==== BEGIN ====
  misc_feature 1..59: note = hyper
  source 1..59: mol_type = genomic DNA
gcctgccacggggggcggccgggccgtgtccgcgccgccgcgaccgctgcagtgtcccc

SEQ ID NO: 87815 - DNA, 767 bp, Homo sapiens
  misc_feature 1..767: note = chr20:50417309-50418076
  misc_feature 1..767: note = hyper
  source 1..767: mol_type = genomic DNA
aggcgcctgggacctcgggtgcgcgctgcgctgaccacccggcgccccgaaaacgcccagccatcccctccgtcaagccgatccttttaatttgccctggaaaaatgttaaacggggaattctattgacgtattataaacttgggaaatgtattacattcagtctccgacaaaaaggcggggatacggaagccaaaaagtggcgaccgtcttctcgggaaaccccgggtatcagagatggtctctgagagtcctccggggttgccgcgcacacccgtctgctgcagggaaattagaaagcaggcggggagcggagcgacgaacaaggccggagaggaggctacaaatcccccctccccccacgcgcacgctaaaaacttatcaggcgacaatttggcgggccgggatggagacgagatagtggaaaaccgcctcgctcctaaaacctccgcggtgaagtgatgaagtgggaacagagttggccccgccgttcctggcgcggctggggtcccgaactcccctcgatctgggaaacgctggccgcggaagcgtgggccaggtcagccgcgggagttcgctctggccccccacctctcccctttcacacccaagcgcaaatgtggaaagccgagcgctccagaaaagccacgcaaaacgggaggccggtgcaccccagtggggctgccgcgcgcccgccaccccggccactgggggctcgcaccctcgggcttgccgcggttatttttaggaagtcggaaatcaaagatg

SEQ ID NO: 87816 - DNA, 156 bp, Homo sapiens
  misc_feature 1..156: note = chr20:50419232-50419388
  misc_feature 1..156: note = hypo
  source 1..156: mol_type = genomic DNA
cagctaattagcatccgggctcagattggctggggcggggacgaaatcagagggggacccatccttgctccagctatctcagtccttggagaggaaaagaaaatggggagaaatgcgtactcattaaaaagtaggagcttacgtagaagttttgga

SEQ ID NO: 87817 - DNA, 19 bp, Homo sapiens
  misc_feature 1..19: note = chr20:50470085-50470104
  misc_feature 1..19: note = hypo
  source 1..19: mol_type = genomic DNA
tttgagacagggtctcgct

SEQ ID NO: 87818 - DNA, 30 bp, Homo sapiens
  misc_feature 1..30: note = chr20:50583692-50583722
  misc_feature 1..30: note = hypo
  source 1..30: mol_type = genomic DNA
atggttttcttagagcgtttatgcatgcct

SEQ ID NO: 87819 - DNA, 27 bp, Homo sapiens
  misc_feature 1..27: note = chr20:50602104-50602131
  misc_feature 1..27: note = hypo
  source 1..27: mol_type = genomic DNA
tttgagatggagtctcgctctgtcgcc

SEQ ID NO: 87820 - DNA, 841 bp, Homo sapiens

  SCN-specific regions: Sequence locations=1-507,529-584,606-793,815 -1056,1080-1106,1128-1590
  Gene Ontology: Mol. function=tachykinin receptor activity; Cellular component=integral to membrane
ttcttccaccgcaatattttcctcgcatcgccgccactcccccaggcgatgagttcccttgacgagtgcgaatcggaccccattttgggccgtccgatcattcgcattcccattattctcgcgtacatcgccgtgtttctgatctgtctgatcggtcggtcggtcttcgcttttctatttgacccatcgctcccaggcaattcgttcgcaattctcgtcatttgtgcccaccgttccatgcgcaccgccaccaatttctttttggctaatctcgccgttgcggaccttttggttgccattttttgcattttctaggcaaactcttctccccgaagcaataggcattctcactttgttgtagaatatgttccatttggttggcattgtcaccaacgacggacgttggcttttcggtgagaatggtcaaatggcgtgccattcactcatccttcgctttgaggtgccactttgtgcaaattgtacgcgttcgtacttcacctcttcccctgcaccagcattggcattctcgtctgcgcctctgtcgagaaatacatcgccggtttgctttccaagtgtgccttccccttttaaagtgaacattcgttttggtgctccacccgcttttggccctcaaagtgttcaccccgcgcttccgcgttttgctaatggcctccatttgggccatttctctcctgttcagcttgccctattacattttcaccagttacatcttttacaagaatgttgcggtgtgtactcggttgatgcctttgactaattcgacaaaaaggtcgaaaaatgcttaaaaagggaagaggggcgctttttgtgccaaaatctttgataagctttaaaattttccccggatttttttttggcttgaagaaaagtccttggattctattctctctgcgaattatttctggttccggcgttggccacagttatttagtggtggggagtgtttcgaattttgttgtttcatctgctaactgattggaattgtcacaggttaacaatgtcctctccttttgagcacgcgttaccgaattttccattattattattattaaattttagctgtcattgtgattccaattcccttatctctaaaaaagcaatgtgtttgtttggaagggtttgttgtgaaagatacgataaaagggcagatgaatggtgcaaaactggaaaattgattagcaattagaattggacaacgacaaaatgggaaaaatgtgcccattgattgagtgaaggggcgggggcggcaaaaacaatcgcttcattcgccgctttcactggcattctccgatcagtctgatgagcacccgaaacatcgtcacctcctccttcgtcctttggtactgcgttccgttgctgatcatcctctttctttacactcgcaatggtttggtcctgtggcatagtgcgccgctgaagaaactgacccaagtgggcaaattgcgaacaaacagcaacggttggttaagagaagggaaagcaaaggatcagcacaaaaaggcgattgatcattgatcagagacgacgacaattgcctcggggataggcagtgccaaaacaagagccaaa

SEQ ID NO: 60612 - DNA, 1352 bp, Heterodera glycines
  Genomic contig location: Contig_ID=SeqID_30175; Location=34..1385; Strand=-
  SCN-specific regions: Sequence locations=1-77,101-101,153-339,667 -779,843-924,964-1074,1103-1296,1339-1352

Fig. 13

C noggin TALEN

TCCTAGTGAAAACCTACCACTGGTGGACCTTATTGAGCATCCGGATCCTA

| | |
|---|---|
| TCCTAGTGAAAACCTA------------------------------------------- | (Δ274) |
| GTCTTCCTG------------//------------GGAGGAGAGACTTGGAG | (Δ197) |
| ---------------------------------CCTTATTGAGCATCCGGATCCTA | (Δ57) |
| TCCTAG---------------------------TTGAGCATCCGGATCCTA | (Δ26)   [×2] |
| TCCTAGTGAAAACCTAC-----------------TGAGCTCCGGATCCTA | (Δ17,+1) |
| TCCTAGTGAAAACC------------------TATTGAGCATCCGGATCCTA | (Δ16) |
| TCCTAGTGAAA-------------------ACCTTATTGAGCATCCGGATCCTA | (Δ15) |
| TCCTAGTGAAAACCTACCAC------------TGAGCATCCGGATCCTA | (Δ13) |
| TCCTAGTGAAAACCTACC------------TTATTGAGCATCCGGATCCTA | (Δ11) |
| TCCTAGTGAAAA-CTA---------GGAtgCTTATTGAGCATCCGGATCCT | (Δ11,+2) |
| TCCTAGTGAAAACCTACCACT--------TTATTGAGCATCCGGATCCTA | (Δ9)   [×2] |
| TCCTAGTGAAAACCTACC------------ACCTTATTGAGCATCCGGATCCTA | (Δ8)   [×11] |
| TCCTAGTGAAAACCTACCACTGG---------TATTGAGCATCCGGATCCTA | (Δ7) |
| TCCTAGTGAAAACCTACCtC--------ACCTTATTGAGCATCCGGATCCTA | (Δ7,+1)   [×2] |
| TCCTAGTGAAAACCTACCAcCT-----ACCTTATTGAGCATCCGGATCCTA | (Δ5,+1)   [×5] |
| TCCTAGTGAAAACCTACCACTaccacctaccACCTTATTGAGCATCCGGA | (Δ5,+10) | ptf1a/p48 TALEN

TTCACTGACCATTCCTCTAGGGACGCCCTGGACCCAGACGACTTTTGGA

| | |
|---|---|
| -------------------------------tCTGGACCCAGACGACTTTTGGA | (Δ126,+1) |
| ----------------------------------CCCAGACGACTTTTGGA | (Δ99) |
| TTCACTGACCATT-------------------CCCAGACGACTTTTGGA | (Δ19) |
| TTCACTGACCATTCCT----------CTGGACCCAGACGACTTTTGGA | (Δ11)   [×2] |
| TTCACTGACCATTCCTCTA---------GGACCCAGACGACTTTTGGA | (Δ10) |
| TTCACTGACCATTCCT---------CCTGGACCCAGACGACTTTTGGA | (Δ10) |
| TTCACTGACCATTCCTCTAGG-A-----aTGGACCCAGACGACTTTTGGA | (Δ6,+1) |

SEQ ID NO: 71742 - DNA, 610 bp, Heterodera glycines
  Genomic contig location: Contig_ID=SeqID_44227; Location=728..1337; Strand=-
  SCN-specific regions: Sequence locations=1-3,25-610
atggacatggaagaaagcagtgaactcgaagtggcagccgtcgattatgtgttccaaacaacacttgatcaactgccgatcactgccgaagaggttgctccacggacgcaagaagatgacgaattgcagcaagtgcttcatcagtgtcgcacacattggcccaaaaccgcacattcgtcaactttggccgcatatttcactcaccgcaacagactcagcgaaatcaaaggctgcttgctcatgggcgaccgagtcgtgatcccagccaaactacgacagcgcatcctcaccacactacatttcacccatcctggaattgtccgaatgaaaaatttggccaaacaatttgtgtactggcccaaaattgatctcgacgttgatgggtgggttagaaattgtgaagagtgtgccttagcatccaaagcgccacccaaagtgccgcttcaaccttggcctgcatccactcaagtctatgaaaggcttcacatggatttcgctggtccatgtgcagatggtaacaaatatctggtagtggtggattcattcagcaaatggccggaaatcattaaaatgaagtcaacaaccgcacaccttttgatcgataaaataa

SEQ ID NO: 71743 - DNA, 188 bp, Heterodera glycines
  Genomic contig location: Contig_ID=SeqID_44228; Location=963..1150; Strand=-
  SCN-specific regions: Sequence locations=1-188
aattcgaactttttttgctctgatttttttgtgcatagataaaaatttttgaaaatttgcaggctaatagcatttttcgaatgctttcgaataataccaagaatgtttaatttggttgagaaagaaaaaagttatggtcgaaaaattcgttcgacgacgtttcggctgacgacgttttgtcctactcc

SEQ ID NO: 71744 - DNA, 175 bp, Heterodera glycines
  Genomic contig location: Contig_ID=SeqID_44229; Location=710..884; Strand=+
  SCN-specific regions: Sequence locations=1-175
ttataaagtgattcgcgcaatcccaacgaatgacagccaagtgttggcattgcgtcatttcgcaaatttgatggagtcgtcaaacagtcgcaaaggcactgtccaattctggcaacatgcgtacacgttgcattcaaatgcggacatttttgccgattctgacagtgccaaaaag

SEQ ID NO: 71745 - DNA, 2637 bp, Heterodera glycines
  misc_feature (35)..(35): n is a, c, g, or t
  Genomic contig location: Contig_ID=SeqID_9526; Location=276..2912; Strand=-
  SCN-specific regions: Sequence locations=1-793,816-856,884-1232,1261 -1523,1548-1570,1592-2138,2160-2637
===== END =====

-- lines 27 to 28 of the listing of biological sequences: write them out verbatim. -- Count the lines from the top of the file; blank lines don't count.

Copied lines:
  source 1..27: mol_type = genomic DNA
tttgagatggagtctcgctctgtcgcc